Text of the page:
In the footsteps of Olive Schreiner
jane caroline
2010

She did not walk alone in the veld
The footsteps of the dead tracked her
The actions of the brave living drove her
The gentle wind of compassion
Purified her dark and coarse lesions

She was not alone in knowing
The agony of uncompromising life
Of knowing the dry places
Festering with poisonous insects
And maggot-ridden corpses

Out of which arises
A single rock koppie
Reaching into a stark blue sky

I want to tell one more story from my life as a Buddhist practitioner before I move into the narratives of the intellectuals who are read and spoken about within the walls of the Universities that I learn with.

When I had recovered from ME enough to begin working again. I was confused. The three years of serious Buddhist practice made me think that my time in the world of action was over and that I should give up that life and simply learn to be with my own confused mind and help people to be with their own minds. I had been offered a job at an NGO far away from where I lived but I was slightly afraid to go back into the world of action where I was never quite sure whether my actions were beneficial or harmful. I wrote to my root Guru and asked him what he thought I should do. This may seem strange to people who are not part of the Buddhist education system. I have had many friends say, how can you give up your agency to another human. This is not what a relationship with a Guru is about. Akong Rinpoche was a man of immense compassion and insight. He knew my struggles and he knew my potential. I trusted him and it was this trust that lead me to ask his opinion. For me, to be able to trust in one single human being in the world is a powerful force of agency.

I truly believed when I sent the letter that the reply would be to do retreat, teach mindfulness, withdraw from the world and yet what he wrote back to me was exactly the opposite. He argued that, for me,  working towards the care of water was by far more beneficial than retreating. ‘Your life will be living the Buddhist principles’, he argued, ‘water will overcome thirst and hunger in other beings.‘.. that is your Dharma.’ What this taught me is that an ethical path cannot be separated from the world. Maybe at some point in humanity’s history there was a space in the world to withdraw quietly into contemplation but it is not this time. To be true to my path as an earthwalker it is time to continue walking, to endure what that means and live the Dharma that this time asks me to live.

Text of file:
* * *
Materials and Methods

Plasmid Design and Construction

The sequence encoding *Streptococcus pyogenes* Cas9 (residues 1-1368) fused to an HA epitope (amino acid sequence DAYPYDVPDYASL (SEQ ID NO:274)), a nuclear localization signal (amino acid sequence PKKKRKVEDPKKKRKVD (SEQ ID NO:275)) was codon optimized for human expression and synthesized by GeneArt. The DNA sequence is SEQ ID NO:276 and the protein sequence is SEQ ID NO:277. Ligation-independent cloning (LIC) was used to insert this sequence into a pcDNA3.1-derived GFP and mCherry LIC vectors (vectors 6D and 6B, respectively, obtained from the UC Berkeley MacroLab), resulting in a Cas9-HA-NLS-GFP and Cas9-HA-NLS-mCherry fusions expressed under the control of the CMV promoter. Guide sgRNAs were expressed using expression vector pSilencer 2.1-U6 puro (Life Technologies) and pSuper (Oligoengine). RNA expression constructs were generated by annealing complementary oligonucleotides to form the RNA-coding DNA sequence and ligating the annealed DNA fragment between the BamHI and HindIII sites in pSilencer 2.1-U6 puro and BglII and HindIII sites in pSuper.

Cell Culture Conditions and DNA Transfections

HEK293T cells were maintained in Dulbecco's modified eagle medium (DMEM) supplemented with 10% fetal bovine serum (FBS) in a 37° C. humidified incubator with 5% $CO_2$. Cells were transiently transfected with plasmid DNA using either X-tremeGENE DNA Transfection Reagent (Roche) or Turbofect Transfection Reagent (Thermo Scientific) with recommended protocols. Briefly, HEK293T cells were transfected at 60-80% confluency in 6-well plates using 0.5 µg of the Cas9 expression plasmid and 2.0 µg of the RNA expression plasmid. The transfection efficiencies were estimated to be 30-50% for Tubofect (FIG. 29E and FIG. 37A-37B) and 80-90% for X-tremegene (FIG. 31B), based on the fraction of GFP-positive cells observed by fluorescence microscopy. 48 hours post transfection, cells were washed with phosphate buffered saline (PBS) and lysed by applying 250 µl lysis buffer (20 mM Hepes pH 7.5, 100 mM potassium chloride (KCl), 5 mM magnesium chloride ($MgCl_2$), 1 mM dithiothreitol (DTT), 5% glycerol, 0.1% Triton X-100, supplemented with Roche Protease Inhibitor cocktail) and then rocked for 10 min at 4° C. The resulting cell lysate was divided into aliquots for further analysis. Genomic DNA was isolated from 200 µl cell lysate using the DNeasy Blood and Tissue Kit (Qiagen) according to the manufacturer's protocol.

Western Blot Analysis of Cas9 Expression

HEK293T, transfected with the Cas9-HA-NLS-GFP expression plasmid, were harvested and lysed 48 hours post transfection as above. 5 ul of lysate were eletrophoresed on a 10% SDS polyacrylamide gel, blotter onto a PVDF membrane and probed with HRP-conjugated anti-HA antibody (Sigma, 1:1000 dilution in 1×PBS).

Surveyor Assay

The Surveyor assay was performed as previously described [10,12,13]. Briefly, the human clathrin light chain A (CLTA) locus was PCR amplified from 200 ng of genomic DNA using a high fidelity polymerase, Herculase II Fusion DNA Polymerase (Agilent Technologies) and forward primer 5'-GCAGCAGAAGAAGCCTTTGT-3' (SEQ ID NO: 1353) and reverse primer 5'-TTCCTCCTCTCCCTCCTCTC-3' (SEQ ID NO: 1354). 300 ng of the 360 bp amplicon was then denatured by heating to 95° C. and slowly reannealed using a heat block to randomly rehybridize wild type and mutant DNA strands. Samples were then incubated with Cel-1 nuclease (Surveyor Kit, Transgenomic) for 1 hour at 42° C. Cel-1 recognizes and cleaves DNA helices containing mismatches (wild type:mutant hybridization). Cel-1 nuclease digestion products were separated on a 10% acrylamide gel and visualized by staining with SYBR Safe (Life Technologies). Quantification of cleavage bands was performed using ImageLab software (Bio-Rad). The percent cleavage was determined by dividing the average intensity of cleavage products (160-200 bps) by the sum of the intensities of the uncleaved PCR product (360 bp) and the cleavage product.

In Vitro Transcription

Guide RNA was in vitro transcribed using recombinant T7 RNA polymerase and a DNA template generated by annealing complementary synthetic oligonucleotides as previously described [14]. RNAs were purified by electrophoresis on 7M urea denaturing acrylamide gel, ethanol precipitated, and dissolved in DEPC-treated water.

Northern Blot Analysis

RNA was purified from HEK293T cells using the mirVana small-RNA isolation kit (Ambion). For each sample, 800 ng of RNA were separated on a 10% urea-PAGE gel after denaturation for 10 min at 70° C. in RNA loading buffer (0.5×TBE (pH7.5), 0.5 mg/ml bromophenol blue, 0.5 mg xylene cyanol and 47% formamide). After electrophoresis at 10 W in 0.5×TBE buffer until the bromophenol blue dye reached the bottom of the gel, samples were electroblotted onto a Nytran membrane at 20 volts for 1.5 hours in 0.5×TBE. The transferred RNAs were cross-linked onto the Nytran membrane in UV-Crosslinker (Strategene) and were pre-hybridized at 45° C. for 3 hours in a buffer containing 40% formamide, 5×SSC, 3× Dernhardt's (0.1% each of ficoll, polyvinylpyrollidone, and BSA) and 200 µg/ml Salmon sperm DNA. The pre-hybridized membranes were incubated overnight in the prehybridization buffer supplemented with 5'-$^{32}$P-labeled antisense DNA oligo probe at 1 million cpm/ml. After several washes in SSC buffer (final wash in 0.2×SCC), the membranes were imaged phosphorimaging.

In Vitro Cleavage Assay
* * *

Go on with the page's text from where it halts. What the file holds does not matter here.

I have started writing about agency, which is the core exploration of this study, by engaging with a body of knowledge and practice that is core to my being and that is not often spoken of in lecture halls to demonstrate a few things.

To honour the call of a fellow participant who recently attended a research school with me that to know transformative practice we need to be able to relate and narrate our own transformation.

That transformative praxis or transformative agency is more than our actions in the material world and it is more than working with our internal mind states. As Bhaskar argues we cannot ignore the intransitive dimension and ‘collapse the human being to human action and collapse the different aspects of the material world to the level of events’ (Bhaskar, Roy and Scott, 2015, p. 40). There is more at play here.

It is a desire to address, what Klein calls, ‘a failure of narrative’. She argues that the narratives we have told ourselves for decades such as the narrative of growth have failed us and we have nothing with which to replace them. I would agree and also argue that we do. Within each of us is a rich array of narratives which tell a different story to the displaced and violent tale of modern capitalism. Whether the spaces are open for us to tell these tales in many different spaces and so create moments of possibility remain to be seen but it is one of the intentions and desires of the educational work that I have been involved in. Part of the role of the 21st century educator is to create the spaces for fully embodied, knowing people who can bring all their life experiences to the path of learning and change.

Finally, it is an attempt to demonstrate that the meaning and knowledge that drives our actions is a rich weaving of knowledges, experiences, structure and intent. As Bhaskar so clearly describes it “if we look at agency itself this is a most marvellous thing. It depends on a process of intentional causality and agency occurs typically when we intend to do something for a reason. What we have when we are trying to understand social life in the first moment of stratification is to see action in terms of reasons. And then the second moment of stratification is to see how structures and structural change give agents reasons for doing things. That is a typical stratification of action moment.” (Bhaskar, Roy and Scott, 2015, p. 38)